I know that getting enough exercise is recommended to reduce the risk of heart disease. Is that just because doing so helps you maintain a healthy weight, or is there a separate benefit?
Your instincts are on the mark. While both a healthy diet and regular physical activity can reduce a whole host of risk factors related to heart disease — such as maintaining a healthy weight, reducing blood pressure and cholesterol, and managing blood sugar levels — they both have heart-healthy benefits in their own right.
Inactive people are nearly twice as likely to develop coronary heart disease as people who are physically active, according to the National Heart, Lung, and Blood Institute.
Physical activity helps the heart in a number of ways. Regularly engaging in moderate to vigorous activity strengthens the heart muscle, which helps improve your heart’s ability to pump blood to your lungs and throughout your body. That allows more blood to flow to muscles, and increases oxygen levels in your blood.
The microscopically small blood vessels throughout your body, called capillaries, also widen. This allows them to deliver more oxygen to tissues.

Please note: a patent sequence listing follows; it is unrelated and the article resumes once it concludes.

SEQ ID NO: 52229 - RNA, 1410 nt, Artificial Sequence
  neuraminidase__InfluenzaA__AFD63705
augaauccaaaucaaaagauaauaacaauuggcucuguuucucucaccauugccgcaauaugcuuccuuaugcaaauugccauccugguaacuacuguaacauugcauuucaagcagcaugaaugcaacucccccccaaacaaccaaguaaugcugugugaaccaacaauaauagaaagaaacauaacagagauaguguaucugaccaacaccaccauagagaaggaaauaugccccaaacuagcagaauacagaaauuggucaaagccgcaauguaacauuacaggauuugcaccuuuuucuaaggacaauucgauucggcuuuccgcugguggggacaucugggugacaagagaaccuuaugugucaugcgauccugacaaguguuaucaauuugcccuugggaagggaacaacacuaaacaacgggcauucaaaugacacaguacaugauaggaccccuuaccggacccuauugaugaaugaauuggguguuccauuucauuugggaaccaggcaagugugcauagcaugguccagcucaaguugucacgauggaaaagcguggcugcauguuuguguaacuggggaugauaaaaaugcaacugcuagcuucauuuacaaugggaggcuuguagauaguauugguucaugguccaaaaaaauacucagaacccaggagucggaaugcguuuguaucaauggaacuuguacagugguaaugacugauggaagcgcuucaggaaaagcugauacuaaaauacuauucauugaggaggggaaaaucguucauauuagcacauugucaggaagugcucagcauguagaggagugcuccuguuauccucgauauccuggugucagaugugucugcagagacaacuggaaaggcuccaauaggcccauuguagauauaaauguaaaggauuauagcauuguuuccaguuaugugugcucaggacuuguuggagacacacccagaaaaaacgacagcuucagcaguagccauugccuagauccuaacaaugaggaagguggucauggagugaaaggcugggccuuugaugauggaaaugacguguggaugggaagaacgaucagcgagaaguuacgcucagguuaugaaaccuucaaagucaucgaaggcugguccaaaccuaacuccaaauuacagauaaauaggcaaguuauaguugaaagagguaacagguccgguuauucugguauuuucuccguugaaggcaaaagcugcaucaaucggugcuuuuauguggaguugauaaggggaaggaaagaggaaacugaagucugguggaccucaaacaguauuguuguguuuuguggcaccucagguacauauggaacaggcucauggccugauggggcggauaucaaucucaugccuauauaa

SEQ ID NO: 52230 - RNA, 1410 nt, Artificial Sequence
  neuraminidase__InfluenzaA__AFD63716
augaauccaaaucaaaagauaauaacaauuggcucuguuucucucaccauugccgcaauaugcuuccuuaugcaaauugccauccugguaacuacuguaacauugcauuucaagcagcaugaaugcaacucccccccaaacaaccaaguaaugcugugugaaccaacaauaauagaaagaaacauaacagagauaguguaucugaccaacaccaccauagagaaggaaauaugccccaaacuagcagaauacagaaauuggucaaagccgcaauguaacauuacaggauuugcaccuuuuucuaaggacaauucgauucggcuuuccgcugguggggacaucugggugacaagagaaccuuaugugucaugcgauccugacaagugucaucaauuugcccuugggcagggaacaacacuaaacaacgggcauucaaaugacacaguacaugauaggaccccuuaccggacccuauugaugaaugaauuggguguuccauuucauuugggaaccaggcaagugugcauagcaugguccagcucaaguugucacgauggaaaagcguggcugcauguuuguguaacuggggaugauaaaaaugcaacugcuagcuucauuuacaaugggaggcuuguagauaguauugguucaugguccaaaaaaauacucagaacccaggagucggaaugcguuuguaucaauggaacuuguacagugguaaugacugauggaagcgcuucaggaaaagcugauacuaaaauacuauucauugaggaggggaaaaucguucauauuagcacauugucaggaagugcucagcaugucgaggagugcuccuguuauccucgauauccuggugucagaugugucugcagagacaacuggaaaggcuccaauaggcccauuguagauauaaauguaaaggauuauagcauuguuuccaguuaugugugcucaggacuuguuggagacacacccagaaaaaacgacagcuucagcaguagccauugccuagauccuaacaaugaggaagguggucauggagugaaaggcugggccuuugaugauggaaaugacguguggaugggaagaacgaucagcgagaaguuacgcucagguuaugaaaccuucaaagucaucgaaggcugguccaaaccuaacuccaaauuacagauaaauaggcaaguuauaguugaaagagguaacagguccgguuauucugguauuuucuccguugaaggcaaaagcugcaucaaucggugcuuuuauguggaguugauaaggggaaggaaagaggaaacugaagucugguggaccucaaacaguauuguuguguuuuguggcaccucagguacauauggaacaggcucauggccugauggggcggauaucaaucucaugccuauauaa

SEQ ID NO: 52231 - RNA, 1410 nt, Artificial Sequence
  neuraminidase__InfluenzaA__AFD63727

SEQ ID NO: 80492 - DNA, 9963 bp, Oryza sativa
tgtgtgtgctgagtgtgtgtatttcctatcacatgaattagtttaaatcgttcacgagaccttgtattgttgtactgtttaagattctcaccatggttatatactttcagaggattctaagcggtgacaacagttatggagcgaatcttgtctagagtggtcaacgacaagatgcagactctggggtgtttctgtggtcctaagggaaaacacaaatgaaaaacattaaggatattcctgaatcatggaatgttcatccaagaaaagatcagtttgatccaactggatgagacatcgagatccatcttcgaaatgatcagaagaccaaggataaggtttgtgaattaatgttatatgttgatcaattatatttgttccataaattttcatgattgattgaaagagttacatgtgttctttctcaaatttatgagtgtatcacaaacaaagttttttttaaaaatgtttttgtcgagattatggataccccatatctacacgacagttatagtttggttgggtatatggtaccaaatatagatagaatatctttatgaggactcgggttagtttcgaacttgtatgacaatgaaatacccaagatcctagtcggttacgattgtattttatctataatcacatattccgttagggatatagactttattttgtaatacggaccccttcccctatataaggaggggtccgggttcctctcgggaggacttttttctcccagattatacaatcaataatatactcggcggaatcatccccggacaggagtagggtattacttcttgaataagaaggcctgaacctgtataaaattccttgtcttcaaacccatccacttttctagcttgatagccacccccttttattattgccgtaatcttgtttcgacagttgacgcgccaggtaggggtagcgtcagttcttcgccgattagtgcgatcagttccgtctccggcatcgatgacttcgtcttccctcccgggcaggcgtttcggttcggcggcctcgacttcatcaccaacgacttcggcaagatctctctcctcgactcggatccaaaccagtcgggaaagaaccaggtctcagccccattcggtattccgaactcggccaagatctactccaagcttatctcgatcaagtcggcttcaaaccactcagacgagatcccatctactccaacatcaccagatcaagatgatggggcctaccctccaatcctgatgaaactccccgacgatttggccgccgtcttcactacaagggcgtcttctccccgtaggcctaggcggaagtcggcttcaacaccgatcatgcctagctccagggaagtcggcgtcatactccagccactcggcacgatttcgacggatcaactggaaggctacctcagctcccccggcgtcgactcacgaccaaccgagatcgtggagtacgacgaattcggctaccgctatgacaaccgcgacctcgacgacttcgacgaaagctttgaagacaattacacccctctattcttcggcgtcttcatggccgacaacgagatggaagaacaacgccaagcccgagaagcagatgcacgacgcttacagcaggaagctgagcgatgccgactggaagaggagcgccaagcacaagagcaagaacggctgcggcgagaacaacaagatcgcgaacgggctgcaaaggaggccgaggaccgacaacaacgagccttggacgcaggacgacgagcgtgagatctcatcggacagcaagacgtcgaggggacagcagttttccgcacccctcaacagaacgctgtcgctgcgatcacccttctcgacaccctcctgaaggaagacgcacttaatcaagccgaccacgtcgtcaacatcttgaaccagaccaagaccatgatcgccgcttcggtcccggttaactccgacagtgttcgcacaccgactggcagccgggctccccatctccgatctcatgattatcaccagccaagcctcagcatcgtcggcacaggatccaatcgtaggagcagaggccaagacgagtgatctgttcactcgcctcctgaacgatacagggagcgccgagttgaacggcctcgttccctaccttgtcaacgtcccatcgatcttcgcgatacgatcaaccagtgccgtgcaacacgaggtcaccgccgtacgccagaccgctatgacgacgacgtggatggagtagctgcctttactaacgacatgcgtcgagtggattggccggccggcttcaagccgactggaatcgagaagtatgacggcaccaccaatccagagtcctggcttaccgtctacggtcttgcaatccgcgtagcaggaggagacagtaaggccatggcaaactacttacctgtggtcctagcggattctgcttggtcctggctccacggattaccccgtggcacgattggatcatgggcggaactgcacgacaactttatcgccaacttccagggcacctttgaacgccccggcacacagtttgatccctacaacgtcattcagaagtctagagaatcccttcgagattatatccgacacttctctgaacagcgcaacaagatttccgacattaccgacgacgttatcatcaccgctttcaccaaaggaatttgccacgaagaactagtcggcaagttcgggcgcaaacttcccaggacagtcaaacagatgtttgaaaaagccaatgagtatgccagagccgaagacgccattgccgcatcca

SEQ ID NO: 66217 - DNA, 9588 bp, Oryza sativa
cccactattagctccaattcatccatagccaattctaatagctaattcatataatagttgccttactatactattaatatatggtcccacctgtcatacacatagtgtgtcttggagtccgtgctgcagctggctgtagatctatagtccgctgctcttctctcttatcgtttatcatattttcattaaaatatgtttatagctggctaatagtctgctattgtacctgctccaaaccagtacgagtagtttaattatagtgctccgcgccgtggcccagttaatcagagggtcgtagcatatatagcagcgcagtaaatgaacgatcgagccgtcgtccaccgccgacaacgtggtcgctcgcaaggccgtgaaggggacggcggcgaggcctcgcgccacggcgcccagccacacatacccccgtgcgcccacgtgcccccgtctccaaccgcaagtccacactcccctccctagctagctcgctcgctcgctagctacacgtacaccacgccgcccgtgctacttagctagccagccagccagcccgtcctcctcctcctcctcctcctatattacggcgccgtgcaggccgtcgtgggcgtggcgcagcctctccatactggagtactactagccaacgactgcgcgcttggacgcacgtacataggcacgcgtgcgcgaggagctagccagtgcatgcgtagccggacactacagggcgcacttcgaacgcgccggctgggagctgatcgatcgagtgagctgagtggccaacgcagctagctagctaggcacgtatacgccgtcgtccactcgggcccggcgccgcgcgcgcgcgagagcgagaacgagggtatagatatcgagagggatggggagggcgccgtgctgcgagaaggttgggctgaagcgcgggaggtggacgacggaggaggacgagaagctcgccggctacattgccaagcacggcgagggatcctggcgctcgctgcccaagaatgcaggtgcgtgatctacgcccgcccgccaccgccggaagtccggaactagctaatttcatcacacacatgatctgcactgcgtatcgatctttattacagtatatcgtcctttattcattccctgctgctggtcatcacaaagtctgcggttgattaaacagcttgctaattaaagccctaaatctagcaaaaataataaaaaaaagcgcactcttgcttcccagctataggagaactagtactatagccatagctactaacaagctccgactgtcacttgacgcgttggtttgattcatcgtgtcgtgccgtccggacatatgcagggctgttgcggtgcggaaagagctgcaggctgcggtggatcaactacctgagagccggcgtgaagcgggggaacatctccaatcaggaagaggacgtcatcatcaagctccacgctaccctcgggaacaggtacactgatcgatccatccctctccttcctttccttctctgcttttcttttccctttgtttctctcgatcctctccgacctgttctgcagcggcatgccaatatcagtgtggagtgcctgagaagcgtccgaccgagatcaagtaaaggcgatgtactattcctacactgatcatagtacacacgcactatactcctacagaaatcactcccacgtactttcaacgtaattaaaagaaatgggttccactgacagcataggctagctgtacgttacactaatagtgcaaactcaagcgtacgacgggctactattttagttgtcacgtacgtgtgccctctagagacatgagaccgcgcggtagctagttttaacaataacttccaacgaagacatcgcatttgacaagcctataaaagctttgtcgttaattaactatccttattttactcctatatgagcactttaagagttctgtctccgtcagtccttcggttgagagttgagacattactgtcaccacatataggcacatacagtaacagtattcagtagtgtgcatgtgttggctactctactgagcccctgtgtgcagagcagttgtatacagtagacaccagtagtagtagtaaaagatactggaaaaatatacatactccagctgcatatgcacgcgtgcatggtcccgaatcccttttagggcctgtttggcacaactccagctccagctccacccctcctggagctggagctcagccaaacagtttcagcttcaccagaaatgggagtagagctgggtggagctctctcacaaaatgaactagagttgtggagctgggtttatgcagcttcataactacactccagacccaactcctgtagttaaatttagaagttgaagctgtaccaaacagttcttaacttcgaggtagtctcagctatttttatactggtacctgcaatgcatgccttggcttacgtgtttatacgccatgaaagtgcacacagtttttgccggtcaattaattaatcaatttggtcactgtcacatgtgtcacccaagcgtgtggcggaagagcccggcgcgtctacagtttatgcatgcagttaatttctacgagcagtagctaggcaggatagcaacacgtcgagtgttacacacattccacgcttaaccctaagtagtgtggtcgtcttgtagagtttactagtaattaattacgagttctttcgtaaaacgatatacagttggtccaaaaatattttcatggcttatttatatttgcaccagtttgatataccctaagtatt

Aerobic exercise benefits your heart and lungs the most. That’s the type of exercise that moves the large muscle groups in your arms and legs. Walking, jogging, running, swimming, biking, dancing, tennis, basketball, skateboarding, jumping rope and doing jumping jacks are all examples of aerobic exercise.
Even working in the yard and garden — digging, hoeing or raking — or doing housework counts as aerobic exercise if the activity is vigorous enough to increase your heart rate.
You know you’re exercising hard enough to have an effect if the activity causes noticeable increases in your breathing and heart rate. You’re doing moderate-intensity activity if you can still talk, but not sing, while doing the activity. If you find you can’t say more than a few words without stopping for a breath, you’ve reached the level of “vigorous” activity.
If you’re currently not very active, build up gradually to 2.5 hours of moderate-intensity activity per week — that’s 30 minutes a day, five days a week. Just 10 minutes three times a day counts toward that goal.
If you already have heart problems or have other risk factors — if you’re overweight, if you smoke, if you have diabetes or high blood pressure, for example — first check with your doctor about what type of exercise is right for you.
Chow Line is a service of Ohio State University’s College of Food, Agricultural, and Environmental Sciences and its outreach and research arms, Ohio State University Extension and the Ohio Agricultural Research and Development Center. Send questions to Chow Line, c/o Martha Filipic, 2021 Coffey Road, Columbus, OH, 43210-1044, or firstname.lastname@example.org.
Editor: This column was reviewed by Dan Remley, field specialist in Food, Nutrition and Wellness for Ohio State University Extension, the outreach arm of the College of Food, Agricultural, and Environmental Sciences.
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OSU Extension, Food, Nutrition and Wellness